“Ilorin o gò” and “the 1949 verdict”

By Abubakar Imam

If you do not blow your trumpet no one will blow it for you. It is for no reason other than the fact that they are busy blowing theirs”.*

-SIR AHMADU BELLO(1909-1966)

The message of the title of this piece can be literally translated as *”the people of Ilorin are not ignoramuses, unwise or primitive”* as some unrepentant critics of Ilorin often stereotyped the people of the home of Sheikh Alimi.It could be seen as a response to the poser shot at the Ilorin Emirate community by a mere observer of the confounding dynamics and the enduring philosophy of leaving everything for Allah.

Over the years, residents have always found a way of playing with words to describe the places of their abode. Many would say “Eko o gba gbere”meaning that “Lagos could be inclement to those who are not smart enough”while some others would say “Ibadan lo mon oman Laipo”that is to say “your knowledge of the geography of Ibadan is somehow deficient”.

Ilorin, just like other human settlements, has always been seen from different perspectives, particularly amongst indigenes of other places who have found a home in it or have one business or the other with Ilorin. While one of such “settlers”  named himself “Ilorin-Gbemi” in appreciation of the priceless progress he recorded in every aspect of his life while sojourning in the southernmost Emirate, “Ilorin go” (Ilorin people are deadwood ) was the perception of another settler on the characters and characteristics of his hosts.

Before I proceed, let me first explain that the introductory quotation cited earlier is a justification for my consistent consistence in focussing my writings on Ilorin; the land of my ancestors and the only home I have ever-known through my existence as a member of the human family. I believe that the community and her proud people have witnessed so much and have so many things to be written on, if for no other reason, but to be convinced that we were and can never be inferior to any of our close and distant neighbours.

Despite the fact that the history of Ilorin, as a strong and united Emirate, is relatively shorter, the kind of spectacular achievements recorded by Ilorin can only be secured at the pleasure of Allah Who has blessed the community far beyond the imaginations of its founding fathers . According to one of the Emirate’s most accomplished heroes, the late Sheikh Adam Abdullahi Al-Ilory(1917-1992), the strides and achievements of Ilorin are astounding and mysterious to so many historians and members of other communities whose histories run into millennia before achieving that much!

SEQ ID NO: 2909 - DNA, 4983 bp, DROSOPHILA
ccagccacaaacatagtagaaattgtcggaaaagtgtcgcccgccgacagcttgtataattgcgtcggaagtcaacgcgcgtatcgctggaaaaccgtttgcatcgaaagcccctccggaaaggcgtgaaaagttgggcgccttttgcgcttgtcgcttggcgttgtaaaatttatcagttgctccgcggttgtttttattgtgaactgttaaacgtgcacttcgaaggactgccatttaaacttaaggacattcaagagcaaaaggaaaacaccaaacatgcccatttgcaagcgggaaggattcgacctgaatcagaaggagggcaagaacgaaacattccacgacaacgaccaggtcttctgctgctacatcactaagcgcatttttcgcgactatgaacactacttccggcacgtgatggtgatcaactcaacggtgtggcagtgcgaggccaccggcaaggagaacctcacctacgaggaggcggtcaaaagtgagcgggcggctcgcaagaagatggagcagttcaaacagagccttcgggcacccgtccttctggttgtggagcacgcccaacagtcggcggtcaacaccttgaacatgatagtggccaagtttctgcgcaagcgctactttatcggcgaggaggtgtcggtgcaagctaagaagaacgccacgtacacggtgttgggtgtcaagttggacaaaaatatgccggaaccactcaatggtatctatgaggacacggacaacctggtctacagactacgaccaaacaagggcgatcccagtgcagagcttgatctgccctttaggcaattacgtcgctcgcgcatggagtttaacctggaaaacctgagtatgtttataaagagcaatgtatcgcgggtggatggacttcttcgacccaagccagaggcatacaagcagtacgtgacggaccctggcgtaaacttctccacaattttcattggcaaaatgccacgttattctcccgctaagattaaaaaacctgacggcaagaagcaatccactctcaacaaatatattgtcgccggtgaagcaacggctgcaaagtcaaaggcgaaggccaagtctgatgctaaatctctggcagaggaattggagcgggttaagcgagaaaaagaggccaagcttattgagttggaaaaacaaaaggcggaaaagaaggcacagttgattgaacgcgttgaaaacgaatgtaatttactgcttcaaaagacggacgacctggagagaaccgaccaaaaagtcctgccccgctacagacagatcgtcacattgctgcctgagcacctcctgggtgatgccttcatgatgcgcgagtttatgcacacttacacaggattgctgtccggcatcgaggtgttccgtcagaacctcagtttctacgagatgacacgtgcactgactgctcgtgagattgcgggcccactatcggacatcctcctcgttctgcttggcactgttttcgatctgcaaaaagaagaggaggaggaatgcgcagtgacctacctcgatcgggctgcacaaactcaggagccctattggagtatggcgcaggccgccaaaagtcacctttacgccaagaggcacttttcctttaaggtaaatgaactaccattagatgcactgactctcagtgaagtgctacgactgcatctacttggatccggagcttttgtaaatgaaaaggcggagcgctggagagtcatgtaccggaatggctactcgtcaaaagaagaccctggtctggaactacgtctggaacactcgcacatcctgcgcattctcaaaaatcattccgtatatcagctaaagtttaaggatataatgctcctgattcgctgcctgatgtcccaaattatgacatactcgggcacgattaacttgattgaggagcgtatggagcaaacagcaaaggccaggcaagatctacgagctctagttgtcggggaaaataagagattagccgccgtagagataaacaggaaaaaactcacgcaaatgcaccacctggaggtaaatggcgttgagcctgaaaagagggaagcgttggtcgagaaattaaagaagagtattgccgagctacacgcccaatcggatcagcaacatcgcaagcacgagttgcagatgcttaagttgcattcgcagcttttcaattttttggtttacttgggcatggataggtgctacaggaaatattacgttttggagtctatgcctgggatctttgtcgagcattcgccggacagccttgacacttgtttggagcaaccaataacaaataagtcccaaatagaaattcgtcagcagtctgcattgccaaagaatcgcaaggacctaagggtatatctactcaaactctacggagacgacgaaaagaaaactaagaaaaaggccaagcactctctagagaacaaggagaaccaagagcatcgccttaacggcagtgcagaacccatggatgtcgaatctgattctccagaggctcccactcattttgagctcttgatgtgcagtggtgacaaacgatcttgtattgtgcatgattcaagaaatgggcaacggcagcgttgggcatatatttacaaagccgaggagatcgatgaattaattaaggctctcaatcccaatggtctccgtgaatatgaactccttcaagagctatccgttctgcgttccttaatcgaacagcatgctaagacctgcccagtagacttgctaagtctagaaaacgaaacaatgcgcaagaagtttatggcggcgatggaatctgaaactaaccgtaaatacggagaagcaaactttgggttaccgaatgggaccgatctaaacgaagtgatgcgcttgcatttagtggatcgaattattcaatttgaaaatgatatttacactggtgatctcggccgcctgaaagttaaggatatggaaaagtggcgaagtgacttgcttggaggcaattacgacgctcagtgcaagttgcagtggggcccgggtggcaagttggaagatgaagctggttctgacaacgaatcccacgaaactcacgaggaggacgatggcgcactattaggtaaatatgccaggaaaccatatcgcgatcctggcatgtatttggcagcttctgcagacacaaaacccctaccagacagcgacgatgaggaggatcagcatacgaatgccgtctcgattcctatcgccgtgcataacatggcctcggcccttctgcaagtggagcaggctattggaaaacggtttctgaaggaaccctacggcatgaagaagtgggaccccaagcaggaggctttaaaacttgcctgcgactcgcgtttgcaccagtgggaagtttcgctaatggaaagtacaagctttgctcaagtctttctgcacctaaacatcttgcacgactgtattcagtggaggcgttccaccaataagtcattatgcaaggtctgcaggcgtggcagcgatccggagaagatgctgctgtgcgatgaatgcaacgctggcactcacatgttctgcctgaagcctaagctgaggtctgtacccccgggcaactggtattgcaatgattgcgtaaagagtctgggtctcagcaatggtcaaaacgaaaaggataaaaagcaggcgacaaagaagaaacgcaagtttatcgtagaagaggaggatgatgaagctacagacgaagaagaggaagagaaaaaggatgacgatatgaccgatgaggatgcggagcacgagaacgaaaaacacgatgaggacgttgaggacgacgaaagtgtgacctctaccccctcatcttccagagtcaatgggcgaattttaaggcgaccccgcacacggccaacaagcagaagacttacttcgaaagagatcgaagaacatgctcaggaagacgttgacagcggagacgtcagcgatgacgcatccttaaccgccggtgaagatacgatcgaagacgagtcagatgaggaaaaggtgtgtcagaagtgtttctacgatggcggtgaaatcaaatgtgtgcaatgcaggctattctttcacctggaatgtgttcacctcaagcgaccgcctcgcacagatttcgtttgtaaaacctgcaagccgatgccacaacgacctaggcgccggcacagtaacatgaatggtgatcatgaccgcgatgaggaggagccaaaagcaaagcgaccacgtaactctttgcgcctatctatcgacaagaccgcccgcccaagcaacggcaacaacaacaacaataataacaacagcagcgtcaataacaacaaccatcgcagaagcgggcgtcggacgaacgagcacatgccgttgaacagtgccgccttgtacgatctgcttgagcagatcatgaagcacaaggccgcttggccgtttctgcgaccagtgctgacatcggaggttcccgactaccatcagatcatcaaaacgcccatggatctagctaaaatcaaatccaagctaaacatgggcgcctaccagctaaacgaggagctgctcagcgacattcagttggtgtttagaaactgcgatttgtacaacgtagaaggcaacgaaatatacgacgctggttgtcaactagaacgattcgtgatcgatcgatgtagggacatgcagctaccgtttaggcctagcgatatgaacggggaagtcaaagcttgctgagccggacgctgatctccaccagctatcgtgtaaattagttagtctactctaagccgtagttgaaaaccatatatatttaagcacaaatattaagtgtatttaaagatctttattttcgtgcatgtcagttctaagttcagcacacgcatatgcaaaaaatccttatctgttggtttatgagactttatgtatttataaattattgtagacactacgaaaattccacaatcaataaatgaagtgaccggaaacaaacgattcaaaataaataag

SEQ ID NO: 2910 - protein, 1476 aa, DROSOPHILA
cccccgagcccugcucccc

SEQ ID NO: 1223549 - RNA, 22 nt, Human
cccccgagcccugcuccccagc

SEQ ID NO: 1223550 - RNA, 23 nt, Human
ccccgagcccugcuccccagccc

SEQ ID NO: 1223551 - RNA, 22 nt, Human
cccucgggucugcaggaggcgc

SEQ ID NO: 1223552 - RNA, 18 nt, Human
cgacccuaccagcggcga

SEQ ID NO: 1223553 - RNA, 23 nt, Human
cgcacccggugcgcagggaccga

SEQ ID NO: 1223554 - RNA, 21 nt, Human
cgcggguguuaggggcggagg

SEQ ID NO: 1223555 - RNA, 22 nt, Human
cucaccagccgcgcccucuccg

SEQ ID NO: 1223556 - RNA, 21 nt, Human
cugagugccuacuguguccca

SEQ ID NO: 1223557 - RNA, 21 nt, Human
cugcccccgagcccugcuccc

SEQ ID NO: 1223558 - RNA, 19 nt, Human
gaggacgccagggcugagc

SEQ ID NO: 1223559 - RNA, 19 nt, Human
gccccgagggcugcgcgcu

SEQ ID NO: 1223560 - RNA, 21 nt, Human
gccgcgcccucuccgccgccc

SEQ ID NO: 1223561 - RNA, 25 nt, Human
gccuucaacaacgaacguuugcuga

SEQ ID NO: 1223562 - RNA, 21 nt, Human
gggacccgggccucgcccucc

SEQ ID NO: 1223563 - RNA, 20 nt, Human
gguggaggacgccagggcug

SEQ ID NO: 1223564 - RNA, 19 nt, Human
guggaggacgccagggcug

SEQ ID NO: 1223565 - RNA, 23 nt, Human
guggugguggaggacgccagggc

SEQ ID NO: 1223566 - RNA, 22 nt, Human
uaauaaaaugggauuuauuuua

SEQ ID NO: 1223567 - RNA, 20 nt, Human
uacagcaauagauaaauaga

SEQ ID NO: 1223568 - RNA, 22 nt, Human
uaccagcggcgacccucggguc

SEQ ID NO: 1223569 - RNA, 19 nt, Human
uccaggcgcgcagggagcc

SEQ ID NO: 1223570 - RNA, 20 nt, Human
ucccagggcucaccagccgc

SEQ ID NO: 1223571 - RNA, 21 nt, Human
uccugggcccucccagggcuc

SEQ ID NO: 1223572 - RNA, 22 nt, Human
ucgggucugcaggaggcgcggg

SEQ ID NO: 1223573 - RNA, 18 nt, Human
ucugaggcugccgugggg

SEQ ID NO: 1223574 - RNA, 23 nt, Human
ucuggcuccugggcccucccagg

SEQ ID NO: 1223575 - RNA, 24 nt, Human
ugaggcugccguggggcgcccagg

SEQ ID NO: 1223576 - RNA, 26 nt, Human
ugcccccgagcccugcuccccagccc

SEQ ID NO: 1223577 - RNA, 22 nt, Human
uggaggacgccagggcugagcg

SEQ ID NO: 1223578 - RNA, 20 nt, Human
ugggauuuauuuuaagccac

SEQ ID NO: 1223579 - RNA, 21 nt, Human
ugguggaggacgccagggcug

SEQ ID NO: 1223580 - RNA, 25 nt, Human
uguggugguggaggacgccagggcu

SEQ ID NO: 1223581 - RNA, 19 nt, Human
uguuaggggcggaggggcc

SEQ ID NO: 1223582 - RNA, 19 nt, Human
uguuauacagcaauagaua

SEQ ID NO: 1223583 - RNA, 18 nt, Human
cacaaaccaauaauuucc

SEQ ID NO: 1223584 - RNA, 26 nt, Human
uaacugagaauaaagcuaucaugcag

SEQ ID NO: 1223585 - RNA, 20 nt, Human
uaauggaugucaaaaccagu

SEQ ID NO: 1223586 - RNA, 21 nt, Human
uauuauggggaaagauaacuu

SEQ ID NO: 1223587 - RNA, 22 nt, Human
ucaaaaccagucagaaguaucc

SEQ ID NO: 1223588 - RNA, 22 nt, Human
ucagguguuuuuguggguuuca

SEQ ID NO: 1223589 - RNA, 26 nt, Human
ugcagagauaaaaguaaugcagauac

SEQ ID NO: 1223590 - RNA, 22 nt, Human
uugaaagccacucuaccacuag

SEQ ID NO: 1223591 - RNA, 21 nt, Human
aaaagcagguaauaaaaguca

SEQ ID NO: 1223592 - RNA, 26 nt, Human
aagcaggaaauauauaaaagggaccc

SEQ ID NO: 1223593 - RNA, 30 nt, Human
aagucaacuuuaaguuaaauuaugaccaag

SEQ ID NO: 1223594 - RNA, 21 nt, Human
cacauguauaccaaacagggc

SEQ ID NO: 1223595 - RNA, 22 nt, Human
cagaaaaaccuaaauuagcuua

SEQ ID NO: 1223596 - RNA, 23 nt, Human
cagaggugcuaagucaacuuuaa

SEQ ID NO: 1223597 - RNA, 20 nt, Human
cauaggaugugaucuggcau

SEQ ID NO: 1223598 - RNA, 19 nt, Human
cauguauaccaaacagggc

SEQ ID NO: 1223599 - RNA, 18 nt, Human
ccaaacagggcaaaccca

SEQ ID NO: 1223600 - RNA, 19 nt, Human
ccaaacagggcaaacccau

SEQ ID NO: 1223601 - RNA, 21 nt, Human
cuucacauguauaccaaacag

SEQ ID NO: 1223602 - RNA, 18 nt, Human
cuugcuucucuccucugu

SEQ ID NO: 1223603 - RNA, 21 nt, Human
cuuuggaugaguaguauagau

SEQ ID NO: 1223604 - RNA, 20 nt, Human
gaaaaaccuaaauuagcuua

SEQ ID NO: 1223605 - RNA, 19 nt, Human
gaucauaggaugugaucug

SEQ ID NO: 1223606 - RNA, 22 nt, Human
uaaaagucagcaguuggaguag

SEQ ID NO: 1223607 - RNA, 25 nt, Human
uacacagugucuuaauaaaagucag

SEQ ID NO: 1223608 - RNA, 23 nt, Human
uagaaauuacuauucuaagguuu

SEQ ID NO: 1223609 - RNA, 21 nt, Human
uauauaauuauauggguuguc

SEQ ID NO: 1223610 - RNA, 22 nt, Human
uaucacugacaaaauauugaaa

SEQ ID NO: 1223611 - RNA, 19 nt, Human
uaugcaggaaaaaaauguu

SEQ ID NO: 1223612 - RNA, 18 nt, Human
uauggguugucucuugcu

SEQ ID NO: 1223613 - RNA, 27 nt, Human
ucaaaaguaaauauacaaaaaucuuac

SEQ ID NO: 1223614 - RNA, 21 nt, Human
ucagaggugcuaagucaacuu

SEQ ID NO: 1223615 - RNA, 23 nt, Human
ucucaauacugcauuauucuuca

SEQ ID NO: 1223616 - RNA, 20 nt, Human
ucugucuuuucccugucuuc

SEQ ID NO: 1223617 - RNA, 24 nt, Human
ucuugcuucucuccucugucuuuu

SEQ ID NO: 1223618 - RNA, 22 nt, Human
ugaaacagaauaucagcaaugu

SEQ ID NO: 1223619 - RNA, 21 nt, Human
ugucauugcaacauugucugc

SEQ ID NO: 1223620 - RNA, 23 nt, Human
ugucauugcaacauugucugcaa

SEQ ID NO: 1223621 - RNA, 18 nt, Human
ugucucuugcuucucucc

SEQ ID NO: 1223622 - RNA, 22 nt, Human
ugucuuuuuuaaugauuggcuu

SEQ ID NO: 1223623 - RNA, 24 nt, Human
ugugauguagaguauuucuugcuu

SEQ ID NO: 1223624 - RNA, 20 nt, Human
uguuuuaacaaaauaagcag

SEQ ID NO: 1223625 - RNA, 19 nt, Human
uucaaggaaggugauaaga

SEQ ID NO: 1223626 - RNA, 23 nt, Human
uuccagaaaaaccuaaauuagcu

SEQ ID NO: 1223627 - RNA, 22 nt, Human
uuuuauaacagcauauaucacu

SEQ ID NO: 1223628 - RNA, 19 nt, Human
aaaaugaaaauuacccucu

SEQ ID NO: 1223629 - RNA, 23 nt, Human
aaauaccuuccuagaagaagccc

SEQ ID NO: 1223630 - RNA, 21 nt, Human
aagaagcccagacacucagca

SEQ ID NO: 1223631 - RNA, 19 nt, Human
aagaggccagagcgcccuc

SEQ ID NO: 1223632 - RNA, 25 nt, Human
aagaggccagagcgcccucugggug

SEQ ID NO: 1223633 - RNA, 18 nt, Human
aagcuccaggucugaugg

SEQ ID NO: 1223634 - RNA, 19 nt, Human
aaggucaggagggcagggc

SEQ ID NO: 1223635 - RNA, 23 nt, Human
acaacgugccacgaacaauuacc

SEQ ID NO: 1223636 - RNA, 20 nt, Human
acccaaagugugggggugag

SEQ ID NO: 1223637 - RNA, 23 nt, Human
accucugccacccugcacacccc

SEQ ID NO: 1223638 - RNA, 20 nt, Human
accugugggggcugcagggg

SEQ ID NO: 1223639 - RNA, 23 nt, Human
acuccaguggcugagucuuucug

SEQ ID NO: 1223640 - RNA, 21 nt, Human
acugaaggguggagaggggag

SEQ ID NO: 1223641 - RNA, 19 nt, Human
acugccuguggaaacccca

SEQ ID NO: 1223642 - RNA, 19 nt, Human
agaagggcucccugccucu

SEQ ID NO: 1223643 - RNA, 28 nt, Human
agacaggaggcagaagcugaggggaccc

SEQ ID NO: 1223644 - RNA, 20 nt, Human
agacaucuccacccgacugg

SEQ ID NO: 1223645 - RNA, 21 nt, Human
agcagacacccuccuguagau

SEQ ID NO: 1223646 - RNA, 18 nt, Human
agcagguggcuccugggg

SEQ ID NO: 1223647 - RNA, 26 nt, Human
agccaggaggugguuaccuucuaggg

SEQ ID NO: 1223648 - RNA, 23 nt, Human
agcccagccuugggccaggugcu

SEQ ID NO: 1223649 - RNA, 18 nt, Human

Yes, I cherish the genre because the more  involved I am, the more equipped I become as far as issues having to do with my homestead is concerned.

I also know that doing so will continue to expose both indigenes and interested residents and other groups of people the privilege of knowing more about the geography, history, culture, people and what there is to know about Ilorin Emirate.

One other reason is the need to “compel” other more privileged compatriots who know more but are too busy to find time to raise their voices or put their pen on paper in order to benefit the rest of us with the reservoir of knowledge deposited in them. I have achieved this many a times. Many have called to grant me wider and richer perspectives on issues and personalities. In fact, each of my articles attracted the calls or invitations of distinguished elders who consequently afforded me more information and facts about Ilorin.

The story I am about to share with you today was heard from an interaction spurred by one of those previous articles by yours sincerely.

It was narrated to me by the 91 year old Alhaji Shafi’i Adebayo Yusuf, the Magaji Olodo family of Oke-Aare area of Ilorin. I had visited him at his Warrah residence courtesy of an appointment facilitated by a venerable compatriot, who is also a one-time President of a respected assemblage of eminent professionals of Ilorin Emirate origin and an ex-National President of the IEDPU. I beg not to reveal their identities.

Because it is often said that the quality and authenticity of a message is dependent on the personality and credibility of the messenger, I need to provide some enabling information before going into the story proper. Who is this Alhaji Safi’i Yusuf, my source? And where is Oke-Aare situated in Ilorin? I am sure a lot of people of my age would like to know.

Alhaji Usuf ,known among his contemporaries as Safi Pakata, is qualified to be described as one of the surviving leaders and elders of Ilorin Emirate.The man, who is now “physically bent” as an effect of old age but remains mentally alert and intellectually vibrant, was among those who graduated from “The Middle School,Ilorin,in 1950 along with the likes of Ambassador Abubakar Garba Gobir(1934-1996), Alhaji Sanni Adebayo Lawal(1933-2011), Alhaji Saka Alesinloye(1933-2008) and Ahmad Ambali Abdulsalam a.k.a Ambali Pakata (1933-1983) as well as Alhaji Aremu Sidiq Manna and Alhaji Hamidu Erubu, CON, (b. 1931), to mention a few. His set at G. S. S was preceeded by those of the incumbent Balogun Alanamu of Ilorin, Alhaji Abubakar Akanbi-Jos; Alhaji Yakubu Amori Gobir(1931-2011), Alhaji Yusuf Amuda Gobir(1934-1975), Alhaji Amuda Ahmed Gobir(1930-1980), Alhaji Akanbi Mahmud Oniyangi(1932-2006) and Alhaji Usman Mustapha(b.1930), the present Wali of Ilorin,while the set,which followed theirs was dominated by Justice Saka Yusuf Oloru(d.2018), who was the Head Boy, and Justice Abdulkadir Orire(b.1934). Alhaji Usuf is also the only surviving member of the Ilorin Progressive Union(IPU) established in Kaduna in 1957,which metamorphosed into what IEDPU is today.

Then, what about Oke-Aare? Where is it located? Oke-Aare is the ancestral name of a significant segment of the place now called Adeta in Ilorin. It refers to all the areas covering Apaokagi, Onimajesin, Alagbede and Ketu Compounds and all the places bodering Oke-Ikoyi, from where the first Ilorin-born Professor, Saka Nuru(b.1935), hails from , to Aromaradu, which is now called Alfa Yahaya Area, all in the vicinity people of the greater Ilorin give the generic name of Pakata but located within the precinct of the present- day Adewole Ward of Ilorin West Local Government Area of Kwara State.